By far the most disturbing yet magnetic film. In “IrrŽversible,” director Gaspar NoŽ confronts his audience head on with the harsh realities of a violent world. Starring French mega-celebs Monica Bellucci, Vincent Cassel and Albert Dupontel, the film deals with revenge, though to give any of the plot’s details away would positively ruin the experience. Be forewarned of the nine-minute rape scene and a bludgeoning far more gruesome than ever expected. Beyond its shock value, though, lies a remarkable film of epic artistic proportions. NoŽ is gifted in his ability to portray the absolute bile of humanity in one scene and the most tender of intimate moments the next. In his Q&A after the film, NoŽ talked about the film’s mixed reception thus far (audience members vomited and needed oxygen in Cannes), his subtle cameo (look for a man self-pleasuring) and the surprisingly festive atmosphere on the set (“We were rather drunk for some scenes,” he said). In all, a film that will revolutionize those capable of sitting through it. This film will be in theatrical release over the coming months.


This film deals with the life of one working class lad in gritty Scotland as he waits for his mum’s release from prison and does everything in his power to prevent her from returning to her abusive boyfriend when back. The film effectively depicts the life of frustrated, lower class youth in conjunction with the helplessness one feels as a member of a severely dysfunctional family. Just shy of his 16th birthday, Liam strays into dangerous territory in a quest to raise funds, though his character remains strong and heroic. The acting is shockingly well done, as well as the emotional intensity conveyed through director Ken Loach’s sprawling cinematic eye. In all, a film that does not use rose-tinted glass but knows when to pepper humor in all the right places. Look for this film in theatrical release in the coming months.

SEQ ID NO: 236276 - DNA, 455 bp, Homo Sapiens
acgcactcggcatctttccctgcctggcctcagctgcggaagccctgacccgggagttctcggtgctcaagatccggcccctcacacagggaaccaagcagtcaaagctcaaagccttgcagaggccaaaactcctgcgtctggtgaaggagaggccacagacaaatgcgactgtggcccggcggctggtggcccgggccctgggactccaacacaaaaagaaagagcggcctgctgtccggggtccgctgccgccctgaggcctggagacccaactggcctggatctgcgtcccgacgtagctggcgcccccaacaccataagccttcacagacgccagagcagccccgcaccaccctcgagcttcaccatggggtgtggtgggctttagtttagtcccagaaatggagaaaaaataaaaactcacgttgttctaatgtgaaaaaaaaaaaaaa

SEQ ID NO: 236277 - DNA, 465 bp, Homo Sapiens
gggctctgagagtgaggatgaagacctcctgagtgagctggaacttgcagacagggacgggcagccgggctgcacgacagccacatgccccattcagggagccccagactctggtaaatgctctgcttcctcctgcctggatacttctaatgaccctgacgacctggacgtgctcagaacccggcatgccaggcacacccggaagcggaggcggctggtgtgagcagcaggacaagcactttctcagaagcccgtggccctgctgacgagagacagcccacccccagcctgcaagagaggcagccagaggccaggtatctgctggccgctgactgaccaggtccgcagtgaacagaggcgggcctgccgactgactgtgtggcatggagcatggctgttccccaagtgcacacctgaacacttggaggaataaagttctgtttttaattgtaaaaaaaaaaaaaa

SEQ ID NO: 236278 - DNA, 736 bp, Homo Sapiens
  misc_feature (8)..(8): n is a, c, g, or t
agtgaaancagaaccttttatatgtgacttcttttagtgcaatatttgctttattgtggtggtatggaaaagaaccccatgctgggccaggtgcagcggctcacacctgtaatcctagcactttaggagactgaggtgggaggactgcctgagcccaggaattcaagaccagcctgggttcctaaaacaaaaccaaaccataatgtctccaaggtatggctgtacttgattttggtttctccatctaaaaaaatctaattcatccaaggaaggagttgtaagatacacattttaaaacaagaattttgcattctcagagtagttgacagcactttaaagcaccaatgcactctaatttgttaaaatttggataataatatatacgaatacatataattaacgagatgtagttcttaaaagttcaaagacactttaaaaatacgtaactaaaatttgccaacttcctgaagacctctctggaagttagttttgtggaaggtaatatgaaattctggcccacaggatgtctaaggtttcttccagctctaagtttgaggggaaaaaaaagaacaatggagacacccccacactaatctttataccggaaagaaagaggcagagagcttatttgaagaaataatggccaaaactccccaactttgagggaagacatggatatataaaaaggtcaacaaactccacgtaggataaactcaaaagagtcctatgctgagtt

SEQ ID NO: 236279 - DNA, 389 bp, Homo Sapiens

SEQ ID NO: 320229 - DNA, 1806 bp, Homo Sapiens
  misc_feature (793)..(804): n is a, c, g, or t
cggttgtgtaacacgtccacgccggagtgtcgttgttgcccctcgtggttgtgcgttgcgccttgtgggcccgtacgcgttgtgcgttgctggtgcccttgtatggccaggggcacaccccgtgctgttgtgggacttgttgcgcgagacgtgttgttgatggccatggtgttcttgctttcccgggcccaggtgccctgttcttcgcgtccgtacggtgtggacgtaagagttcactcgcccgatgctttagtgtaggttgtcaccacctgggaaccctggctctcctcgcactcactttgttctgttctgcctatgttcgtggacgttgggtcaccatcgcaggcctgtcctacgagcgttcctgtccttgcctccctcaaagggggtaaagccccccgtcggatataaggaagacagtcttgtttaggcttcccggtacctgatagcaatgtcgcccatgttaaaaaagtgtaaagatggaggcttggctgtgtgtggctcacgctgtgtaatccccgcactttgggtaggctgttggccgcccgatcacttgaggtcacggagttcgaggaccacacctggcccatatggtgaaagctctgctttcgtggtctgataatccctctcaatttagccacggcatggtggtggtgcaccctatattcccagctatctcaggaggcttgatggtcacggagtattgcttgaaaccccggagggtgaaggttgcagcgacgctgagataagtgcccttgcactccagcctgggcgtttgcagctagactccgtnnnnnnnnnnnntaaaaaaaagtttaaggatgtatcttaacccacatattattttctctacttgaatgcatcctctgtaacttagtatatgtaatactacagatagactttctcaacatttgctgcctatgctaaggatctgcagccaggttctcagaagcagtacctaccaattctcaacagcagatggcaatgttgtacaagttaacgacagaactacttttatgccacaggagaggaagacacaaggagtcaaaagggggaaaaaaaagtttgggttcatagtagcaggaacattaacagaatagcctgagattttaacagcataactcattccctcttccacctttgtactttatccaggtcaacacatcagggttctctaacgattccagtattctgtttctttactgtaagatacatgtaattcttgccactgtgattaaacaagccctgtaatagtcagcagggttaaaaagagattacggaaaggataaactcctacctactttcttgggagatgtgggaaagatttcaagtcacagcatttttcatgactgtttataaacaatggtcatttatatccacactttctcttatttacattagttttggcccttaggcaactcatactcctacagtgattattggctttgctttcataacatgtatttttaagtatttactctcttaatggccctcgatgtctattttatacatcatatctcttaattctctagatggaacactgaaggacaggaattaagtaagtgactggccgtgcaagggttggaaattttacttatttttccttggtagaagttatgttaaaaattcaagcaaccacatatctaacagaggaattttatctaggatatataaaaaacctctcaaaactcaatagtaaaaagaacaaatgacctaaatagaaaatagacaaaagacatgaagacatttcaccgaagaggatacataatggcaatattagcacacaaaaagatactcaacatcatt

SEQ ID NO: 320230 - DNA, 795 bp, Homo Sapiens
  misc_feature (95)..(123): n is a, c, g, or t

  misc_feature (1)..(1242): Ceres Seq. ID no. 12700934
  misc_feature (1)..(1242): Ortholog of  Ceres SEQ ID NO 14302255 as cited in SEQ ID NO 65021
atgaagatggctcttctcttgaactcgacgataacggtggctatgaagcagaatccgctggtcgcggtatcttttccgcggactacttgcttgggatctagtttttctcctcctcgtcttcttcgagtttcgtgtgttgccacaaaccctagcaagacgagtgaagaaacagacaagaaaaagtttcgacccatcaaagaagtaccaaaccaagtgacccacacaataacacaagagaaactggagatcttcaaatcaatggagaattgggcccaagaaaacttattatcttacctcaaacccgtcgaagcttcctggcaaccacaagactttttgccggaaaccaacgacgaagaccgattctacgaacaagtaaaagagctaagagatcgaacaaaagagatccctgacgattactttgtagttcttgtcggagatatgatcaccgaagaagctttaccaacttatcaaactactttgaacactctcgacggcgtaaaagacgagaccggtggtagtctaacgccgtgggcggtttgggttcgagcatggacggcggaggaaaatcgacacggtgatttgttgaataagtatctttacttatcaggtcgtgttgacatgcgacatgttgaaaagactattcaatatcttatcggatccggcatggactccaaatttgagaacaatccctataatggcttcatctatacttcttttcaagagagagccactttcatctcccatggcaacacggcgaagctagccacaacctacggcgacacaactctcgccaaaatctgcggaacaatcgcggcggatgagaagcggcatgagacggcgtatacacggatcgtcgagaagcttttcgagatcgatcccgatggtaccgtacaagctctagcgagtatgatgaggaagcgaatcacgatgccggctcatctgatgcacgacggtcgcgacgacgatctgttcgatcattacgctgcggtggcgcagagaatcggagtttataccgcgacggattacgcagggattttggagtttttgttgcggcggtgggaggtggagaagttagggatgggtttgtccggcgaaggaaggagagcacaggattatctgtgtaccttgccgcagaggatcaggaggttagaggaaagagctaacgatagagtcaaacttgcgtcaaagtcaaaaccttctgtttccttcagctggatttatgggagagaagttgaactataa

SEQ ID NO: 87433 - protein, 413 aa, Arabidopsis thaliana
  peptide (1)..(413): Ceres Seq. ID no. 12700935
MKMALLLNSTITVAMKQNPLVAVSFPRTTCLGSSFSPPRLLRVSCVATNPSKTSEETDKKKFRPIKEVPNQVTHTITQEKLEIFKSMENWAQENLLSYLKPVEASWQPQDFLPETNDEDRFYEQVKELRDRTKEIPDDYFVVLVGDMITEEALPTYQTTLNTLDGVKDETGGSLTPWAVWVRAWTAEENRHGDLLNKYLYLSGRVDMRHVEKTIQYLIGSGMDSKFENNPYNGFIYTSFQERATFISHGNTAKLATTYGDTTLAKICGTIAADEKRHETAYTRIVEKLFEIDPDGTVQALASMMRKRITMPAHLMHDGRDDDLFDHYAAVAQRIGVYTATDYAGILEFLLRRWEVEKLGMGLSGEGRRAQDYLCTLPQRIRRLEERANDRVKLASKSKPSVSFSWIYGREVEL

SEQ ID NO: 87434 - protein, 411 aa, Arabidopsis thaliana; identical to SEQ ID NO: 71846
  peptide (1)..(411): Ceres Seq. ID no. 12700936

A rather clichŽ topic, “Life In Bed” depicts what happens when three incredibly attractive single women move to Los Angeles from NYC and have only enough money to share a king size mattress stuffed in a studio apartment. Shock of all shocks, debauchery ensues when an aspiring rock star, Simon, is thrown in the mix along with enough drugs to satisfy Keith Richards. The film is entertaining in its visuals but fails to delve into any significant character development. Most entertaining is its depiction of the City of Lost Dreams and its never-ending excess. Said filmmaker Nick Lindsay in an interview with Artsweek, “I was really drawn to this cartoonish version of this bubbly but also dark city. As a filmmaker, I could also see the production value of 30 pages of script being played on a mattress, though a lot is happening on that mattress.” In all, it’s a film worth seeing, if not at least for the coke-induced, fast-forward sex scenes and L.A. jokes. This film screens tonight at 9:30 at Victoria Hall with Lindsay available for Q&A afterward.


For Artsweek, this was one of the most anticipated films in the festival as it starred Mena Suvari, Patrick Fugit, Brittany Murphy, Mickey Rourke, Deborah Harry, Eric Roberts, John Leguizamo and Jason Schwartzman. Phew. Not to mention that the soundtrack was composed by Billy Corgan. Oh, and then there’s the fact that director Jonas